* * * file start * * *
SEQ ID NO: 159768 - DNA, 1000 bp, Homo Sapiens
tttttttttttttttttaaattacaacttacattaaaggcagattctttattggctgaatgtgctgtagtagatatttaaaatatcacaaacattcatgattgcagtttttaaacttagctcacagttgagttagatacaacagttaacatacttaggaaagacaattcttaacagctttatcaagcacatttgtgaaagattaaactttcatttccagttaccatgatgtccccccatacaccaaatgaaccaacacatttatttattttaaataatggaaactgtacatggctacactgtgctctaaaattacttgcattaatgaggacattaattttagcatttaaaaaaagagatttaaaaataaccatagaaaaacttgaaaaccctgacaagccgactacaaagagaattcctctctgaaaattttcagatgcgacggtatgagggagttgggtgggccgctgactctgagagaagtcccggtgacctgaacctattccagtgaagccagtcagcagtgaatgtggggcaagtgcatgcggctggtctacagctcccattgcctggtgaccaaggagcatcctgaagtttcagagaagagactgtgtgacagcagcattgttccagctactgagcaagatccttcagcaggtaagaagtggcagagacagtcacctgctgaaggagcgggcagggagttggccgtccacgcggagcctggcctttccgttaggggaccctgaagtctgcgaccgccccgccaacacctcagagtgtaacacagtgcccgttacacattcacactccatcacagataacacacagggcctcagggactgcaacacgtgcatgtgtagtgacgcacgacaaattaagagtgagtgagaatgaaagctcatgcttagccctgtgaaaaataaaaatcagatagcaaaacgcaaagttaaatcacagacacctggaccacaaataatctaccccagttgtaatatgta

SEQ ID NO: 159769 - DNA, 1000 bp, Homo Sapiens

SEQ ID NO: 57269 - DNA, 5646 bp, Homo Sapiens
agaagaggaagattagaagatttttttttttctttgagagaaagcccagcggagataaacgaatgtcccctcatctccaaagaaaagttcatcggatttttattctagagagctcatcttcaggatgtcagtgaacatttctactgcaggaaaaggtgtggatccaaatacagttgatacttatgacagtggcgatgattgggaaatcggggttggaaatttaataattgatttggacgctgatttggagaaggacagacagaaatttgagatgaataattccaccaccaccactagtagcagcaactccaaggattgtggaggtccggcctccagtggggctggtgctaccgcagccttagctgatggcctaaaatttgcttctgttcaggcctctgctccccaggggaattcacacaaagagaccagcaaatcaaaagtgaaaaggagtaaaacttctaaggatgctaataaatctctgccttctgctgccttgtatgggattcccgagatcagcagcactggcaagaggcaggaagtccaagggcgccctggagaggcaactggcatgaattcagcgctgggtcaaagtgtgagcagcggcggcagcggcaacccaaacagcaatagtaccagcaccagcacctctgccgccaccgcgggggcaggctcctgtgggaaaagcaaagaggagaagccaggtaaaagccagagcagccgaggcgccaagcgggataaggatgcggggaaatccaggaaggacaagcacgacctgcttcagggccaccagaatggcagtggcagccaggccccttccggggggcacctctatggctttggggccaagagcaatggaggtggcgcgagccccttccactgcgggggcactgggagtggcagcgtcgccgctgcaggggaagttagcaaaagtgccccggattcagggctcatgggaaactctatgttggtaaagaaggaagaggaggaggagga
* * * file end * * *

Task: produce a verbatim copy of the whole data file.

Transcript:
SEQ ID NO: 159768 - DNA, 1000 bp, Homo Sapiens
tttttttttttttttttaaattacaacttacattaaaggcagattctttattggctgaatgtgctgtagtagatatttaaaatatcacaaacattcatgattgcagtttttaaacttagctcacagttgagttagatacaacagttaacatacttaggaaagacaattcttaacagctttatcaagcacatttgtgaaagattaaactttcatttccagttaccatgatgtccccccatacaccaaatgaaccaacacatttatttattttaaataatggaaactgtacatggctacactgtgctctaaaattacttgcattaatgaggacattaattttagcatttaaaaaaagagatttaaaaataaccatagaaaaacttgaaaaccctgacaagccgactacaaagagaattcctctctgaaaattttcagatgcgacggtatgagggagttgggtgggccgctgactctgagagaagtcccggtgacctgaacctattccagtgaagccagtcagcagtgaatgtggggcaagtgcatgcggctggtctacagctcccattgcctggtgaccaaggagcatcctgaagtttcagagaagagactgtgtgacagcagcattgttccagctactgagcaagatccttcagcaggtaagaagtggcagagacagtcacctgctgaaggagcgggcagggagttggccgtccacgcggagcctggcctttccgttaggggaccctgaagtctgcgaccgccccgccaacacctcagagtgtaacacagtgcccgttacacattcacactccatcacagataacacacagggcctcagggactgcaacacgtgcatgtgtagtgacgcacgacaaattaagagtgagtgagaatgaaagctcatgcttagccctgtgaaaaataaaaatcagatagcaaaacgcaaagttaaatcacagacacctggaccacaaataatctaccccagttgtaatatgta

SEQ ID NO: 159769 - DNA, 1000 bp, Homo Sapiens

SEQ ID NO: 57269 - DNA, 5646 bp, Homo Sapiens
agaagaggaagattagaagatttttttttttctttgagagaaagcccagcggagataaacgaatgtcccctcatctccaaagaaaagttcatcggatttttattctagagagctcatcttcaggatgtcagtgaacatttctactgcaggaaaaggtgtggatccaaatacagttgatacttatgacagtggcgatgattgggaaatcggggttggaaatttaataattgatttggacgctgatttggagaaggacagacagaaatttgagatgaataattccaccaccaccactagtagcagcaactccaaggattgtggaggtccggcctccagtggggctggtgctaccgcagccttagctgatggcctaaaatttgcttctgttcaggcctctgctccccaggggaattcacacaaagagaccagcaaatcaaaagtgaaaaggagtaaaacttctaaggatgctaataaatctctgccttctgctgccttgtatgggattcccgagatcagcagcactggcaagaggcaggaagtccaagggcgccctggagaggcaactggcatgaattcagcgctgggtcaaagtgtgagcagcggcggcagcggcaacccaaacagcaatagtaccagcaccagcacctctgccgccaccgcgggggcaggctcctgtgggaaaagcaaagaggagaagccaggtaaaagccagagcagccgaggcgccaagcgggataaggatgcggggaaatccaggaaggacaagcacgacctgcttcagggccaccagaatggcagtggcagccaggccccttccggggggcacctctatggctttggggccaagagcaatggaggtggcgcgagccccttccactgcgggggcactgggagtggcagcgtcgccgctgcaggggaagttagcaaaagtgccccggattcagggctcatgggaaactctatgttggtaaagaaggaagaggaggaggagga